Make sure to read my post What You Need To Know Before Visiting The Danakil.
Finish off in Mekele
To be fair, Mekele is nothing special and I’d hardly add it to the things to do in Ethiopia. Most people end up there towards the end of their Ethiopia tour, as it is the starting and ending point for expeditions to the Danakil. I recommend factoring in a night there at the end of your trip, so that you can rest in a bed and take a good shower before traveling home.
The only real attraction in town is the Palace, which takes no more than an hour to visit. Other than that, head to the market for some good shopping, or hang out at one of the many nice cafés.
Practical Tips To Organize Your Ethiopia Tour
Visa requirements for Ethiopia
You will need a tourist visa to enter Ethiopia. You can get it on arrival, but Addis Ababa airport is extremely busy so I advise you to get it online before you go – this way you can directly go to the passport booth to get your passport stamped. You can obtain your visa here – it costs $50 plus $2 USD handling fee.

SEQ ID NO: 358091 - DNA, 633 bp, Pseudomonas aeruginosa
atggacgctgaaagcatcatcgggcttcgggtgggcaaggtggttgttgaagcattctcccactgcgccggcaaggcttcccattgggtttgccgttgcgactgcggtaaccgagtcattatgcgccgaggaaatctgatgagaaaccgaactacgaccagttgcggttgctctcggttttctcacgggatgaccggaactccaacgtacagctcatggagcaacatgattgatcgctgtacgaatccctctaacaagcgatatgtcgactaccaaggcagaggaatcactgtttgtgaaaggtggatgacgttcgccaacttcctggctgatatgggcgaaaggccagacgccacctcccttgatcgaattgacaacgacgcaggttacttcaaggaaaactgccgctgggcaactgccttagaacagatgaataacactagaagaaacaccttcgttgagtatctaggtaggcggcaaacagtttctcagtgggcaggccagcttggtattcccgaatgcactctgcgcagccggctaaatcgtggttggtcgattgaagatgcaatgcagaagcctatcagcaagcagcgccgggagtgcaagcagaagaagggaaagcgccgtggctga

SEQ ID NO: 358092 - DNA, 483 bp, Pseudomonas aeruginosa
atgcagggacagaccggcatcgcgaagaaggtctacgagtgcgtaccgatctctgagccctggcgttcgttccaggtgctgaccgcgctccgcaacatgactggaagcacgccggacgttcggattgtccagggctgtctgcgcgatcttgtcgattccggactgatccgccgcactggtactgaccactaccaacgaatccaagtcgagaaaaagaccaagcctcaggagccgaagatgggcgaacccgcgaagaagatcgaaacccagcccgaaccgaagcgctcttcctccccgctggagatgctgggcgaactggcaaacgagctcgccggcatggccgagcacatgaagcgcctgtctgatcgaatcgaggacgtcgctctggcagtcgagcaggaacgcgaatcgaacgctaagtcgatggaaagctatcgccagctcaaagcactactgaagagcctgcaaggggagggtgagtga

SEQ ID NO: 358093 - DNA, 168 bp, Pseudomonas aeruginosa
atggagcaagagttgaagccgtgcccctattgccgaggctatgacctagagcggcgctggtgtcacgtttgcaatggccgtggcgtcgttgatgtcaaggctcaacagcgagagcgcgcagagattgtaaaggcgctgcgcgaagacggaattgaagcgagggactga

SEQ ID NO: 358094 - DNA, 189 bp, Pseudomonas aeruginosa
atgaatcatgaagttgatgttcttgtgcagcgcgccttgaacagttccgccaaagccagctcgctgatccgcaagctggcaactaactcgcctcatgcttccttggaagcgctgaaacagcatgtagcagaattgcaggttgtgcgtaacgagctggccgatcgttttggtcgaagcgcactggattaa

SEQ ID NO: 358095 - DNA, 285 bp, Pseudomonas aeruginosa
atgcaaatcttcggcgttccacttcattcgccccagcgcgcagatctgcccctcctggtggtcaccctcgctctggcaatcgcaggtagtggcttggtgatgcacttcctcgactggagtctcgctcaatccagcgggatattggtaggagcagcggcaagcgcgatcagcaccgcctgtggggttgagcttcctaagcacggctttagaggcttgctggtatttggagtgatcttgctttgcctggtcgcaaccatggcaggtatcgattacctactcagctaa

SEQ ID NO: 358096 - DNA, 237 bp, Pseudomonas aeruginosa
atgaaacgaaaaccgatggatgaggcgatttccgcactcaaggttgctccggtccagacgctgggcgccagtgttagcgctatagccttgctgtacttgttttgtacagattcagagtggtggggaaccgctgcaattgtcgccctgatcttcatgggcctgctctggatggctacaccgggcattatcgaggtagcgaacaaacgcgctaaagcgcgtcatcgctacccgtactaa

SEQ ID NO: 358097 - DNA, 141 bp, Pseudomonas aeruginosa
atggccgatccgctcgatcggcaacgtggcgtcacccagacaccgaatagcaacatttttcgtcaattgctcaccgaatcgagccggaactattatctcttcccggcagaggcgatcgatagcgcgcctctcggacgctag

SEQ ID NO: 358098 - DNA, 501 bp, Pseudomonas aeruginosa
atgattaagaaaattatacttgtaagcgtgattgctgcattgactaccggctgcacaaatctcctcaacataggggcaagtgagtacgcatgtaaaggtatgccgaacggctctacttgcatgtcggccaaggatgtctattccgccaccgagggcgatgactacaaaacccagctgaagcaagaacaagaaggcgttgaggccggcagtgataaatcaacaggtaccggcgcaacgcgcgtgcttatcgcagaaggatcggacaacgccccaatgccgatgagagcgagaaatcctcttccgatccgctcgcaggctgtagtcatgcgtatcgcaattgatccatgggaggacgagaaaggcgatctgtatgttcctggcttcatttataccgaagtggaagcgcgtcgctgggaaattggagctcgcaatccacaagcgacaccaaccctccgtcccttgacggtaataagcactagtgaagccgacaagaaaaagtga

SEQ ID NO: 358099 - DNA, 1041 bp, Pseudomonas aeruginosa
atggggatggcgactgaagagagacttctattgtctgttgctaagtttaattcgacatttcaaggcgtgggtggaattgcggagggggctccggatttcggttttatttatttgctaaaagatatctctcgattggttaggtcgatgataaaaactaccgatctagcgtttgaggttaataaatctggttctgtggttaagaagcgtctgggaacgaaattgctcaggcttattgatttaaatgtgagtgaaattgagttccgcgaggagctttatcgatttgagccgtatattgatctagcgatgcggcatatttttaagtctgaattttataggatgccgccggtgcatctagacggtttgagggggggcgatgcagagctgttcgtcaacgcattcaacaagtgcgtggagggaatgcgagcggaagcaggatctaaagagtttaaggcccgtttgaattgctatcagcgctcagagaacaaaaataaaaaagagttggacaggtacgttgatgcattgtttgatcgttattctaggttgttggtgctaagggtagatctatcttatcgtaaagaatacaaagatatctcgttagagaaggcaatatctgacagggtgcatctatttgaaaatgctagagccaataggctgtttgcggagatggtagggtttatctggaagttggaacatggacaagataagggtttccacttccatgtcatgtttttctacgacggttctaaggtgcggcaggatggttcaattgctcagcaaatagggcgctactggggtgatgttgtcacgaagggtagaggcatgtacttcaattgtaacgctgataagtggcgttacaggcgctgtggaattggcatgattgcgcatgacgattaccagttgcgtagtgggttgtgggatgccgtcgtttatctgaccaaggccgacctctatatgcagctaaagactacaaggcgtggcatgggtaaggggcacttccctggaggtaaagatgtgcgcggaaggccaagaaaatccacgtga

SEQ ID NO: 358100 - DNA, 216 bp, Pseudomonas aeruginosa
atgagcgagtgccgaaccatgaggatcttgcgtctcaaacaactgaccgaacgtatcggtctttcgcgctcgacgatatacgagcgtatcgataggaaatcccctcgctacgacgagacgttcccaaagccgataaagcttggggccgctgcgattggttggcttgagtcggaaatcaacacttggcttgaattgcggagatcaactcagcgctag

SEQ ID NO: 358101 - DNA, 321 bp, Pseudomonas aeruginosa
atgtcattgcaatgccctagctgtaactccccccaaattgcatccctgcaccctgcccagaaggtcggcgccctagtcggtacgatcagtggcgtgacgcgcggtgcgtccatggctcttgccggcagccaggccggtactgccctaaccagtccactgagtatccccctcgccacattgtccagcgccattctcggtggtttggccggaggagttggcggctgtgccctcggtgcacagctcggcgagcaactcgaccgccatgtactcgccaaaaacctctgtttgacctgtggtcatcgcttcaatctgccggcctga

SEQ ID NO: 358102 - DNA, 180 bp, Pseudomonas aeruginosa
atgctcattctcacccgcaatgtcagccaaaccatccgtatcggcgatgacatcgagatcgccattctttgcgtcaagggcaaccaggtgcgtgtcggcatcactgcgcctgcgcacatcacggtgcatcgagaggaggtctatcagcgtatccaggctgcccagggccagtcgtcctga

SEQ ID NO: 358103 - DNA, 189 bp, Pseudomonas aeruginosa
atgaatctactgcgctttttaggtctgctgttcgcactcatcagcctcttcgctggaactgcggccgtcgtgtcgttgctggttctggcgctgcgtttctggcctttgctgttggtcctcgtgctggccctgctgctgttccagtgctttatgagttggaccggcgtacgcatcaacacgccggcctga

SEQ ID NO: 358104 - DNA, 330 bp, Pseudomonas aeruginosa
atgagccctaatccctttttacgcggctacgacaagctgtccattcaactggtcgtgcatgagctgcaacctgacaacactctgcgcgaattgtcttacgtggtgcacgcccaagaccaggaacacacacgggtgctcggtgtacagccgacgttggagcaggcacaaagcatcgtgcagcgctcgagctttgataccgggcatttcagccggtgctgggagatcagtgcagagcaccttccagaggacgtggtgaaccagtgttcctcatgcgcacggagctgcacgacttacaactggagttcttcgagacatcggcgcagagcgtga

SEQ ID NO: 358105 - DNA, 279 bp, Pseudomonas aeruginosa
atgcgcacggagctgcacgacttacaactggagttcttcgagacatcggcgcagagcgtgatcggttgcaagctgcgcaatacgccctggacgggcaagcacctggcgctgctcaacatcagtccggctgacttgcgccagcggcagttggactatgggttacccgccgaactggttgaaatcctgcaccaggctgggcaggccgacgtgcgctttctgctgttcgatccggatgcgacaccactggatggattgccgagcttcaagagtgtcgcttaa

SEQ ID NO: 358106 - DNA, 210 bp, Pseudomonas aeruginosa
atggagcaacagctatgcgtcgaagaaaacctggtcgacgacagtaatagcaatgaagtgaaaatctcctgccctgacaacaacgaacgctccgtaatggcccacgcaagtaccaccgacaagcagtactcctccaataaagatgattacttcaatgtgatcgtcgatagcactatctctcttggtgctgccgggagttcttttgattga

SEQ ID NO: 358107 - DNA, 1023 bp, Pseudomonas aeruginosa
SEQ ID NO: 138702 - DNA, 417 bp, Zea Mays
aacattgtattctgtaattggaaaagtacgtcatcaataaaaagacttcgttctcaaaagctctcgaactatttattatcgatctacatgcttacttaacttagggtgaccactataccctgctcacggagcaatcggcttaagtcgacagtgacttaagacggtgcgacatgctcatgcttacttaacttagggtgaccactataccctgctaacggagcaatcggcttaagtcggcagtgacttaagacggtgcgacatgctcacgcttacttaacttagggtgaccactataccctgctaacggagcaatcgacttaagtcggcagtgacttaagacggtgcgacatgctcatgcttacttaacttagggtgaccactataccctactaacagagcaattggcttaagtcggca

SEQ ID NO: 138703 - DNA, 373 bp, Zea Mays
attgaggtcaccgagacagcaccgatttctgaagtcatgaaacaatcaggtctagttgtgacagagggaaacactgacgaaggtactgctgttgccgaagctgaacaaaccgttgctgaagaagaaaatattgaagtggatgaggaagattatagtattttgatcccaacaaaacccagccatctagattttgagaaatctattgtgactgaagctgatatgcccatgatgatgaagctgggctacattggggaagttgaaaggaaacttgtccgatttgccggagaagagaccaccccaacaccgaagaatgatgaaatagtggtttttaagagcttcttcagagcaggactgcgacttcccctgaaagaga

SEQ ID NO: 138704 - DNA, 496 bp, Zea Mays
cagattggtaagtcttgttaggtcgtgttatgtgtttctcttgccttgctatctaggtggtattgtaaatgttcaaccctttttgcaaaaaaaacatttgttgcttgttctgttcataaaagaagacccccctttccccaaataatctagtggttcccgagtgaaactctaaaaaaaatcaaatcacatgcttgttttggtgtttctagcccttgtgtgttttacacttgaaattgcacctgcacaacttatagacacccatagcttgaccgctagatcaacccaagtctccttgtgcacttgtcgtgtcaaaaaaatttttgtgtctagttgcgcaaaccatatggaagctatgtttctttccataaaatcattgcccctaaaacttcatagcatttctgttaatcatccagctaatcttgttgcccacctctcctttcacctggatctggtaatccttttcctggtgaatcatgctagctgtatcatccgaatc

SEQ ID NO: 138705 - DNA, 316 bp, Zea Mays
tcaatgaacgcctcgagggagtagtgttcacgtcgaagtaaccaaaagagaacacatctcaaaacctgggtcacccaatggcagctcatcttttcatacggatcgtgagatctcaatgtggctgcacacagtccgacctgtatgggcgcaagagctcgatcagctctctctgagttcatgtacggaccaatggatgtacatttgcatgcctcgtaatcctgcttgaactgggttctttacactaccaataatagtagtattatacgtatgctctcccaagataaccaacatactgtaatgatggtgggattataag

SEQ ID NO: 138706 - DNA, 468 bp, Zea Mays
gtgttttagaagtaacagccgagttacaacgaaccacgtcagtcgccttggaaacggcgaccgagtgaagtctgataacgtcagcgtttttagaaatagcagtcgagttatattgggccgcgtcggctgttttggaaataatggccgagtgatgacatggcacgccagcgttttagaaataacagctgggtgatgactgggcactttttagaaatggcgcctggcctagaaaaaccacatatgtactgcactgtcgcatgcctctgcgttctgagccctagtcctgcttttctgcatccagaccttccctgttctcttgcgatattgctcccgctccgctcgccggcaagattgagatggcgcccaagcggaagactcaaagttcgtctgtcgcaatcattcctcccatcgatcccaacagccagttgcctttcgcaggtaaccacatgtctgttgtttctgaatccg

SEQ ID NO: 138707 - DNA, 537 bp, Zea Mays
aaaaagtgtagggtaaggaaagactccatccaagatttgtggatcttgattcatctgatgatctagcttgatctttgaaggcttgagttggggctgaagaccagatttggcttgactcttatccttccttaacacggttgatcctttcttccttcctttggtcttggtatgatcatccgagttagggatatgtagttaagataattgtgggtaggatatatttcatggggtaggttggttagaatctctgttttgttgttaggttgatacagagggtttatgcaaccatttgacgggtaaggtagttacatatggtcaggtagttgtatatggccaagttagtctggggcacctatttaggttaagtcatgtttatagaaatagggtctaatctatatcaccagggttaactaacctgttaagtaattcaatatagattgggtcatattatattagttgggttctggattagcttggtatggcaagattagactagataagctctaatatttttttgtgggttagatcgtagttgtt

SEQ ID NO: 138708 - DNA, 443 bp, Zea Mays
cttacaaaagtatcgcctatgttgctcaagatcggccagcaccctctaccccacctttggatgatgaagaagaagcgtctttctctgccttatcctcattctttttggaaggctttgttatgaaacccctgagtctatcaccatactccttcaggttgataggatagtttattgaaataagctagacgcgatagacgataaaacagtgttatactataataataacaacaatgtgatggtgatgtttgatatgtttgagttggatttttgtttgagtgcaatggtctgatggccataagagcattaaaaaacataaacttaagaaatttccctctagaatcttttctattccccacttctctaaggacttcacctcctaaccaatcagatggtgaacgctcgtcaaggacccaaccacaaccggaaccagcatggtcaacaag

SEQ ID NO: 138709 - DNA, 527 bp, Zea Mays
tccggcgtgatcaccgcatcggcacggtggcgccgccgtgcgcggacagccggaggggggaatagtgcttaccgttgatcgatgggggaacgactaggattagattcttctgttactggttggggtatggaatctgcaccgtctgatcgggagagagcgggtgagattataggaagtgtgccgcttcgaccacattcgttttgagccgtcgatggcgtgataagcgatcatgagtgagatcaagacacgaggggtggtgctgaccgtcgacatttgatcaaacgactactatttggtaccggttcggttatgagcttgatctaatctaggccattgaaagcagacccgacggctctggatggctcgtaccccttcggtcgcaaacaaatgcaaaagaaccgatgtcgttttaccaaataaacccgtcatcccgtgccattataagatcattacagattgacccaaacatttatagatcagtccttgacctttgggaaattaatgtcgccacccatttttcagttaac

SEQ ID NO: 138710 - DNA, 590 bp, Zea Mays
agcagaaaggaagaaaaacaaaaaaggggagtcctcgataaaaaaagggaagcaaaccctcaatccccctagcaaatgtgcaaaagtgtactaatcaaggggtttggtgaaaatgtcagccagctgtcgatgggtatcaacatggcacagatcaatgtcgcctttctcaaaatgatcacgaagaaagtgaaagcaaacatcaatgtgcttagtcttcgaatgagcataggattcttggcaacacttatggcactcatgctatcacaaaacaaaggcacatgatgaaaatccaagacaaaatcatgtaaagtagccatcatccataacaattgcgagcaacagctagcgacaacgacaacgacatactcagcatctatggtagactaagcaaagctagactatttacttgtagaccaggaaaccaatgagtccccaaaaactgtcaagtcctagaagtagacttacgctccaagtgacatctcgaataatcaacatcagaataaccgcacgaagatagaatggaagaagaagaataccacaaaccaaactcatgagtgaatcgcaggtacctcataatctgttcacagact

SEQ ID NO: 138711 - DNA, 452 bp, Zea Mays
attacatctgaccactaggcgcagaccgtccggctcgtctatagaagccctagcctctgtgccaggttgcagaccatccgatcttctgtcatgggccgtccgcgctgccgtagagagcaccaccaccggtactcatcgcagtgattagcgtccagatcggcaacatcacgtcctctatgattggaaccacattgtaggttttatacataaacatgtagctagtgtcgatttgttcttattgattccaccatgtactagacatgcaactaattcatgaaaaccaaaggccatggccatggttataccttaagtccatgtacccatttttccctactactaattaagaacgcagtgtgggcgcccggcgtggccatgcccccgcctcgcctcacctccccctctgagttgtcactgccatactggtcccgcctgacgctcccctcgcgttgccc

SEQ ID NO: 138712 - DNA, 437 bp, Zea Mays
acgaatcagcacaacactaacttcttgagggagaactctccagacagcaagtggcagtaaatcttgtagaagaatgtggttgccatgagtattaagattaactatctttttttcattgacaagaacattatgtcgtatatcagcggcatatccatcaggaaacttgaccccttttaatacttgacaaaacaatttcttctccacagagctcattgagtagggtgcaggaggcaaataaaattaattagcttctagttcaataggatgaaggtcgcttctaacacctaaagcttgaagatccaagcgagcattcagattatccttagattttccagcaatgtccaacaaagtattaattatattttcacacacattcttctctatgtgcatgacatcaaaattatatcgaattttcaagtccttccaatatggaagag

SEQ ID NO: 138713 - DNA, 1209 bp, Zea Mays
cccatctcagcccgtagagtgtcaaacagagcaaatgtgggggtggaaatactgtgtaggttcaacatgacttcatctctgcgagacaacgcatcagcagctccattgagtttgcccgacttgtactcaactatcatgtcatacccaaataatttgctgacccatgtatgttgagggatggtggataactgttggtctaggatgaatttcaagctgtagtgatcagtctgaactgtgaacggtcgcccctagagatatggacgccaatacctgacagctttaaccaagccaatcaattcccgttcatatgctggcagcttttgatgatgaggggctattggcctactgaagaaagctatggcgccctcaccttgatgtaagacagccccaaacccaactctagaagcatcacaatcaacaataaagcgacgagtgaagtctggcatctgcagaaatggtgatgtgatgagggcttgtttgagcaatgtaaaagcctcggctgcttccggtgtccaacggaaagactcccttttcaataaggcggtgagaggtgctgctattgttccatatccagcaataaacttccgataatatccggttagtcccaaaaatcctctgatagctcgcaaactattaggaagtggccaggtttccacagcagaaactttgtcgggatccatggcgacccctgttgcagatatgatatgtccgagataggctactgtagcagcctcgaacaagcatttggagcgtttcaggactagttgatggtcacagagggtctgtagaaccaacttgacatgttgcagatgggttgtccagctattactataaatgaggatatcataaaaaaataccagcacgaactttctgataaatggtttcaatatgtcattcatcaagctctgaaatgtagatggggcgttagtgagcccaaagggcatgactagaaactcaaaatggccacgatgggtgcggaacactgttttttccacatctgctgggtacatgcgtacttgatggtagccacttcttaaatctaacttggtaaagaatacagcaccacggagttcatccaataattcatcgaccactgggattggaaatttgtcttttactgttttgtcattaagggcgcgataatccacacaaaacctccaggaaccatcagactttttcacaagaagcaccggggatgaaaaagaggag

Traveling to Ethiopia
Ethiopia is very well connected internationally via its Addis Ababa airport, which is one of Africa’s main hubs. There are direct flight from most European and African capitals and major cities, and either direct or connecting flights from North America and Asia. Ethiopian Airlines usually has the best deals.
Guided tours of Ethiopia
There are many local tour companies that you can book tours with. They offer services that range from decent, to unremarkable to extremely poor (picture guides that speak no English, itineraries that aren’t respected, poor food and even worse sleeping arrangements). Paying more doesn’t necessarily mean receiving a better service. I strongly advise you to thoroughly read online reviews before booking anything.
Again, my recommendation is to make all sorts of enquiries before booking, to avoid any bad surprise.
Minimal packing list